BY NICK BROWN AND JONATHAN ALLEN
New York City crematories are extending their hours, burning bodies into the night. The state has started a running tally of all cremations and burials. City officials are surveying upstate cemeteries for temporary interment sites.
The destructive spread of the coronavirus through New York has not yet reached its peak, but those who put the dead to rest have never been busier.
Funeral homes and cemetery directors described a surge in demand unseen in decades from COVID-19, the respiratory disease caused by the coronavirus that has infected tens of thousands and killed roughly 1,400 in New York City.
“We’ve been preparing for a worst-case scenario,” said Mike Lanotte, executive director of the New York State Funeral Directors Association, “which is in a lot of ways starting to materialize.”
A majority of New Yorkers choose cremation over burial, but the most-populous U.S. city has only four crematories: one in the Bronx, one in Brooklyn and two in Queens. Directors at two of those locations said their daily workload has jumped from around 10 bodies to 15 or more, straining resources.
New York state has relaxed air-quality regulations to allow crematories to burn for longer hours. Still, in interviews with Reuters this week, the crematory directors reported phones ringing off the hooks and days busier than any in decades.
“No one could really imagine this happening,” said J.P. Di Troia, president of Fresh Pond Crematory in Queens, calling the pandemic among the most devastating events in his 52 years in business.
The crematory at Green-Wood Cemetery in Brooklyn is taking between 15 and 20 bodies a day of late, nearly double its usual load, according to cemetery president Rich Moylan.
Like Di Troia, Moylan struggles to remember a time in his 48 years at Green-Wood when he has seen so many deaths from a single cause. “The closest comparison is September 11th,” he said, referring to the al Qaeda attacks on New York City in 2001.
Funeral homes report longer waits for cremations.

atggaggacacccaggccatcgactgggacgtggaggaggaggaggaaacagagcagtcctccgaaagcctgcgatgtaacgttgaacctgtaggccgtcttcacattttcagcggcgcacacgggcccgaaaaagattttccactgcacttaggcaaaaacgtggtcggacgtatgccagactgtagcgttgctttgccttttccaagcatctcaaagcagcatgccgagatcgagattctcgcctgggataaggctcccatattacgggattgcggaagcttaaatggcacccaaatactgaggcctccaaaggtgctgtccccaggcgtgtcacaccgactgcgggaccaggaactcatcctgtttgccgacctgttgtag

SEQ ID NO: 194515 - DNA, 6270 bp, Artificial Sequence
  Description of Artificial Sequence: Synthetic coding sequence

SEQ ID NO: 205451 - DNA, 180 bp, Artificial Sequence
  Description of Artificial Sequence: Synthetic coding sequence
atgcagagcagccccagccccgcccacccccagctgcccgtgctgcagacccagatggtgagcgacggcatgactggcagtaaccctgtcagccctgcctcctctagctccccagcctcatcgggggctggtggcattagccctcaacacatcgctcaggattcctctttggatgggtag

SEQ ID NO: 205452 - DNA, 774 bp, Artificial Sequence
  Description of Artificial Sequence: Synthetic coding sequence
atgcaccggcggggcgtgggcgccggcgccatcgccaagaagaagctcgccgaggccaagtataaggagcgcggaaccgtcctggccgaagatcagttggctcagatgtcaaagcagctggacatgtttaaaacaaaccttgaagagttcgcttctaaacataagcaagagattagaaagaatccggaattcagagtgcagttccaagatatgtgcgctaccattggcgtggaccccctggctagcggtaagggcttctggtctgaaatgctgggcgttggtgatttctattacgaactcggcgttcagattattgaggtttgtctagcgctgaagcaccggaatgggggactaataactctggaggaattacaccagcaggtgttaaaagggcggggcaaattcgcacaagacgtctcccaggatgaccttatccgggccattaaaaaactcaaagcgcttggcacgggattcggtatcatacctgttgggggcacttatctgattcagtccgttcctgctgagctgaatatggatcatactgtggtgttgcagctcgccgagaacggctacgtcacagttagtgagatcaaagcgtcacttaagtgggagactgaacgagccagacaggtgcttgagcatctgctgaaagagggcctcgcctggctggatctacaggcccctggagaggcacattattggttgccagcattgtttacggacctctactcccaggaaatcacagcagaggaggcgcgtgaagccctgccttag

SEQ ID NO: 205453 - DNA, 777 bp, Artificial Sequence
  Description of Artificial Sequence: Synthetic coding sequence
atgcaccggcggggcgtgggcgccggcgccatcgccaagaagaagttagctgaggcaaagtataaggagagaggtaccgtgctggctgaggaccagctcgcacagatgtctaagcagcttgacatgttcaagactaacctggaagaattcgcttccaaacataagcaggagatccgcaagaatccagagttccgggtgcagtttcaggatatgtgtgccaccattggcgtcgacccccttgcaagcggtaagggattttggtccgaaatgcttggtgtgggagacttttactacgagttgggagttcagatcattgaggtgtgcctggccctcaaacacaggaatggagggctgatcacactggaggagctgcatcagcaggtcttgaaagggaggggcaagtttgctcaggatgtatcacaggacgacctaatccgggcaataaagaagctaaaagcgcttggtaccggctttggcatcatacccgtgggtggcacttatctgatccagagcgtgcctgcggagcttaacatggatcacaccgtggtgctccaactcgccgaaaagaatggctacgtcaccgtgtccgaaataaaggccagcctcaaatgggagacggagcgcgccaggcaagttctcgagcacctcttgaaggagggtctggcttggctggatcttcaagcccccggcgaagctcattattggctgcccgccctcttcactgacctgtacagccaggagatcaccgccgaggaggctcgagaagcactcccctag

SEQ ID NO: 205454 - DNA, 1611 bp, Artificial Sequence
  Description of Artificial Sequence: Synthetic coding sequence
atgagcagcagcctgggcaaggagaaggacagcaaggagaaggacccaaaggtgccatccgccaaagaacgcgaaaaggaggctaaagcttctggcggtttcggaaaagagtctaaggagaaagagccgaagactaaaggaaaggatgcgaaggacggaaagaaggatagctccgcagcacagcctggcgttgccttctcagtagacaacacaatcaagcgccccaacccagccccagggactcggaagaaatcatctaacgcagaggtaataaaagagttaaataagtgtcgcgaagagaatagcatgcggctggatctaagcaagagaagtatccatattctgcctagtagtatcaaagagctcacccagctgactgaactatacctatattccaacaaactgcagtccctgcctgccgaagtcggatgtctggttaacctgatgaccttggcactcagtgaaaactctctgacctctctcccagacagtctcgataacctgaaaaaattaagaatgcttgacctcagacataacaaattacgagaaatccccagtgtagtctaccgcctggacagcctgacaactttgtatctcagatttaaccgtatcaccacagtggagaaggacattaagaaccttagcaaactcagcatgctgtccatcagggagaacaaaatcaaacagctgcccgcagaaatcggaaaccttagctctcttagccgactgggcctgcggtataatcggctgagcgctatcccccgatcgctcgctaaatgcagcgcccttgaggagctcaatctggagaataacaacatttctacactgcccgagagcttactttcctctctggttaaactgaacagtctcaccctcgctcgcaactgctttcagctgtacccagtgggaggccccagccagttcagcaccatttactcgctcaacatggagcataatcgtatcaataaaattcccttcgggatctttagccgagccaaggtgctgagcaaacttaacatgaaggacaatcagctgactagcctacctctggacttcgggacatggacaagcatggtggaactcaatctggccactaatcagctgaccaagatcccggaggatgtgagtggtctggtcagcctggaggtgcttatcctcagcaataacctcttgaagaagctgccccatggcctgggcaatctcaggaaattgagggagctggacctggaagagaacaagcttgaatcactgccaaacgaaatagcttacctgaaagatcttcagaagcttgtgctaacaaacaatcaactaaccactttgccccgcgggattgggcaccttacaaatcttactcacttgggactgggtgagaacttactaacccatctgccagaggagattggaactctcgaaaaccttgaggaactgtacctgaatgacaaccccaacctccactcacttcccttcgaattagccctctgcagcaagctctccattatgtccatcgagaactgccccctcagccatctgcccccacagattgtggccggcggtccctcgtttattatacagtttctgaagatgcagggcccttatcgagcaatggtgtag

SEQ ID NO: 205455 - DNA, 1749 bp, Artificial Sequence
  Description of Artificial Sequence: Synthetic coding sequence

“My fridge is full,” said Andrew Nimmo, manager of Bergen Funeral Service Inc., which can store about 40 bodies. “I can’t get people out [to crematories] right away.”
That backlog is trickling down to hospitals. The Brooklyn Hospital Center said in a statement on Tuesday that the bodies of deceased patients were spending more time than usual in its morgues because “grieving families cannot quickly make arrangements.”
New York’s Office of the Chief Medical Examiner (OCME) has sent refrigerated trucks and tents to hospitals to house more bodies. So far, that has mostly been enough. OCME buildings can store about 800 to 900 bodies, but the trucks have increased that to around 3,500, according to Aja Worthy-Davis, an OCME spokeswoman.
The body count is only expected to rise.
Deborah Birx, the White House’s coronavirus response coordinator, unveiled modeling on Wednesday showing the U.S. death toll could reach as high as 240,000, as President Donald Trump called stay-at-home guidelines a “matter of life and death.” New York is the current epicenter of the pandemic in the United States.
For the first time, the New York State Division of Cemeteries is requesting daily reports from cemeteries on the number of cremations and burials each day, according to David Fleming, legislative director for the New York State Association of Cemeteries.
Fleming has been working with city and state emergency planning officials to survey cemeteries and crematories in upstate New York that could ease the strain if the death rate surges higher. Some cemeteries may set aside land for temporary interments.
“It’s not a crashing system. We do have plans in place if there needs to be release of capacity from the city to more outlying areas,” Fleming said.
Hart Island, off the Bronx’s east shore in Long Island Sound, may also serve as a site for temporary interment, according to an OCME planning document for dealing with a surge of deaths from a pandemic.
The island is home to the city’s potter’s field, a cemetery for people with no next of kin or whose families cannot arrange funerals.
In normal times inmates from city jails each week bury some 25 New Yorkers there. But the number of burials on Hart jumped in the last week of March to 72, according to Jason Kersten, a spokesman at the Department of Correction, which oversees the island. Kersten referred questions about causes of death to OCME, which did not respond.
The pandemic is taking a toll on the funeral industry’s clientele, too — an emotional one. New York’s ban on public gatherings means families must curtail goodbyes to their loved ones.
Green-Wood is asking mourners, no more than 10 per funeral, to stay in their cars until casket-carriers have left the grave site to try to prevent the spread of the virus. Bergen Funeral Service is limiting wakes to immediate family only, its manager said.
At the Lawrence H. Woodward Funeral Home in Brooklyn, director Kendall Lindsay is asking mourners not to touch caskets. “If you have [COVID-19], you’re going to put it on the casket, and we have cemetery gentleman who have to touch it,” Lindsay said.
With services in synagogues canceled, Rabbi Arthur Schneier of Park East Synagogue in Manhattan said some mourning families are coming together through video apps like Zoom.
“It’s important to honor the dead, but another conflicting principle is the sanctity of life,” Schneier said. “This is the conflict that families endure.”
(Reporting by Nick Brown and Jonathan Allen in New York; Additional reporting by Gabriella Borter in New York; Editing by Ross Colvin and Will Dunham)